Macau Museum of Art
Where else in the world are museum tickets $5? That’s 75 cents US for those wondering. Located beside the Sands Macao, the Macau Museum of Art was another place I couldn’t wait to get to, and not just because of the price. When I toured around Western Europe in 2005, my happiest moments by far came inside the art galleries. From Rome to Berlin, Amsterdam to London, Paris to Madrid, the most creative minds in Western history were all on display, preserved in works that transcend time, borders, politics, culture – everything that strives to drive us apart but great art ultimately pulls back together. The commitment towards art that the Macau government has is another reason why I like the city so much. Any and every month, a ton of exhibits and exhibitions are always on the go, most of them free of charge.
Smaller than I expected, Macau’s Museum of Art doesn’t have many permanent exhibitions, so if you go, you’re going to be at the mercy of whatever temporary exhibitions are on. Fortunately we encountered two excellent photo displays, the first of which came courtesy of Mica Coste Grande, a Brazilian who lived in Macau for fourteen years from 1986 to 2000.
I thought most of his best photos came from the poorer regions of Western China, and unlike the photos we saw on the first day, Coste Grande’s manipulation of the camera is phenomenal.
Mu Yi was also very impressed with the lighting, colors, angle and composition of his photos.
The second temporary exhibition was simply titled Old Macau. Quite a number of the photos were 1960 tributes to Mao and the Motherland, which gave Mu Yi a favorable impression of the Portuguese. She thought they must have been very nice rulers to have let the local Chinese celebrate their leader and national days in such grandiose ways.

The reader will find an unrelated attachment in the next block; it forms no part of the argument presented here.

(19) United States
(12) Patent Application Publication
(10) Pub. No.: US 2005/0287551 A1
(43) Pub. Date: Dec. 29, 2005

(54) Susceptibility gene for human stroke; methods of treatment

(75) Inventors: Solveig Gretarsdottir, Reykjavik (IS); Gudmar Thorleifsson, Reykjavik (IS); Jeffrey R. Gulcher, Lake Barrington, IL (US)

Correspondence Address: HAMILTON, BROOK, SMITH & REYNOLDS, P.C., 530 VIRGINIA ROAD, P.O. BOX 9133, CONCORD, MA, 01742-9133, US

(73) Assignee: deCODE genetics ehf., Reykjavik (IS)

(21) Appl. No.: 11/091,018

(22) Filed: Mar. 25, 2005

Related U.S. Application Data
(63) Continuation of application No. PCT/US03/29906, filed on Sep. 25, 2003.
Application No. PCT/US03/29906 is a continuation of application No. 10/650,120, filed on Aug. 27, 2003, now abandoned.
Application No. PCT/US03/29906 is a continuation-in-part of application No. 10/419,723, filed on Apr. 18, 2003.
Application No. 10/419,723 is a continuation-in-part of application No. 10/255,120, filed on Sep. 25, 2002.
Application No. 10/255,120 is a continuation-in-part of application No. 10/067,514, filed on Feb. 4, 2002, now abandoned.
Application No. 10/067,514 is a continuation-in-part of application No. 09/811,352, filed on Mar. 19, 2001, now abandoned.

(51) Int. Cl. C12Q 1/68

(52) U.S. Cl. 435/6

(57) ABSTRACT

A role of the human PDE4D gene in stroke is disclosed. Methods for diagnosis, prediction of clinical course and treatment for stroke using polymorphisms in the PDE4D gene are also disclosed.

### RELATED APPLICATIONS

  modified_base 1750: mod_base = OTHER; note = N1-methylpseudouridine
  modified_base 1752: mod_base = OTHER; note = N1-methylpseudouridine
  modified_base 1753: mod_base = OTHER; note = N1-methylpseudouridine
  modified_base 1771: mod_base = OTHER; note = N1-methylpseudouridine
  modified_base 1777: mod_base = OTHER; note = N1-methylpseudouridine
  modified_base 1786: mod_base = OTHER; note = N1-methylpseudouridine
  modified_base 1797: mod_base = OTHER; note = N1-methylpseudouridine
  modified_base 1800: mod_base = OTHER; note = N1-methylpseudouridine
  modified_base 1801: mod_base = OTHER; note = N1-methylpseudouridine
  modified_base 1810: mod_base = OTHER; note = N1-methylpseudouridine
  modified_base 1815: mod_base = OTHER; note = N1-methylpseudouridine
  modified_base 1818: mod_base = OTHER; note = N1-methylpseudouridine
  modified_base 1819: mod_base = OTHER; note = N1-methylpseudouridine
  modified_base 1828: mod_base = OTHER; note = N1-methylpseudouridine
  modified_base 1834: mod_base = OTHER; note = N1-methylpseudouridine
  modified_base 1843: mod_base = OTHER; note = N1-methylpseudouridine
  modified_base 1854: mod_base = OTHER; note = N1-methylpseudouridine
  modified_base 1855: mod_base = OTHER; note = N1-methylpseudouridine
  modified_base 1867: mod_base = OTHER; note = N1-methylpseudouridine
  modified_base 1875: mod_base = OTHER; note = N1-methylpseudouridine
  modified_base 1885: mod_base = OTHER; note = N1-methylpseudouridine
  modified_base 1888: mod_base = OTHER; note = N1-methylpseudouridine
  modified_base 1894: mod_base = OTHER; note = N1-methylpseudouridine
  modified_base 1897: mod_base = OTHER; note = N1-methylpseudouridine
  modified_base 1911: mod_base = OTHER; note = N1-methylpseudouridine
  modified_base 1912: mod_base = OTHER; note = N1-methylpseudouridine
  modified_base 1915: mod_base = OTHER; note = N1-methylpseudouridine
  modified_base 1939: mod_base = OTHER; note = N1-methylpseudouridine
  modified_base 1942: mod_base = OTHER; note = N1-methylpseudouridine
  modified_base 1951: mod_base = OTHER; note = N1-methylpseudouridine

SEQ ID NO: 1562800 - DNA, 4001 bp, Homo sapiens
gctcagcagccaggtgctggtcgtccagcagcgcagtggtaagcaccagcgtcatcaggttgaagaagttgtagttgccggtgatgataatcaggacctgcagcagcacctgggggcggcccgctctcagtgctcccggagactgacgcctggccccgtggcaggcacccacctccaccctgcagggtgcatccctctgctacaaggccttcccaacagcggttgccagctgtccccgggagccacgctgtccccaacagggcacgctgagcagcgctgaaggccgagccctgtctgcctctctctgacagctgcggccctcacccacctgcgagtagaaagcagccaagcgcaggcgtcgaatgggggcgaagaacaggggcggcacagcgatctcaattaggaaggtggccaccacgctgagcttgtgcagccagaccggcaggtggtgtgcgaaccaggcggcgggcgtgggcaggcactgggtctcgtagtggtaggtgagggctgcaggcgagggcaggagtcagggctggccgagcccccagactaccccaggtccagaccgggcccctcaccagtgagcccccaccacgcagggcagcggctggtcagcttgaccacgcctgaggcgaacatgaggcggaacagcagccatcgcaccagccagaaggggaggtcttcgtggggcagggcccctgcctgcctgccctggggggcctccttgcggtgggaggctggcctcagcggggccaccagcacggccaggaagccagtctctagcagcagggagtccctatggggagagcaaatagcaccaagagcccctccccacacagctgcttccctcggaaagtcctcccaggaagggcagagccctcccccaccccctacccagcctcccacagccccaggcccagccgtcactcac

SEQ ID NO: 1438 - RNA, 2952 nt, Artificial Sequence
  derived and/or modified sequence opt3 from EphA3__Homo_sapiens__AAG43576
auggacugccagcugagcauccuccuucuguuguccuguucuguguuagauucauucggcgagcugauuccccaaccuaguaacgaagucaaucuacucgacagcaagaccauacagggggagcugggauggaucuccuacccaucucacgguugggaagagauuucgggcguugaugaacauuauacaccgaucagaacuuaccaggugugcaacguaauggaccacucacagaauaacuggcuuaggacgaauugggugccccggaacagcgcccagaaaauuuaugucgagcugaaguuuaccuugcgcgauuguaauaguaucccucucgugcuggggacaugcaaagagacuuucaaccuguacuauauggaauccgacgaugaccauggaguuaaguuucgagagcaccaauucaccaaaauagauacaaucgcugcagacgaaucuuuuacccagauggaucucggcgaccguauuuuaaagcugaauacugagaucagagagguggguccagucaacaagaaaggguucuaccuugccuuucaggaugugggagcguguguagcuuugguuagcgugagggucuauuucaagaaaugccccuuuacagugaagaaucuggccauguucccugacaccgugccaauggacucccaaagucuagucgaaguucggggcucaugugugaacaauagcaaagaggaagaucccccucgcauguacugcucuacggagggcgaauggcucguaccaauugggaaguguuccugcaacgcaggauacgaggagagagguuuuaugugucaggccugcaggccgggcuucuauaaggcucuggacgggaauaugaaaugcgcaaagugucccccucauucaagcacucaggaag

Other things I gleaned from the photos were that Senado Square used to be open to traffic and that there was really nothing south of it until the Lisboa came.
I was also surprised to see just how recognizable some of the streets in the city remain to this day, with many of their key distinguishing features unchanged.
On the third floor, the museum had another good exhibition named Historical Pictures. George Chinnery was figured prominently as were his contemporaries, most of them his students. If you ask me the students exceeded their master because I didn’t think much of Chinnery’s work.
Amateur is what Mu Yi called it, and I kind of thought the same thing. His students’ compositions caught my eye more, not only because their paintings used more color, but because I thought they needed a lot more skill to create.
There was one more floor of work open at the museum that day, but it was a joke, as modern art mostly is. Absolutely nothing to it, it was another embarrassing example of the junk my generation calls art. Somewhere somehow, skill, patience and an appreciation of good taste got long forgotten. Mark Knopfler had pretty much the same feeling in 1978 after he was In the Gallery.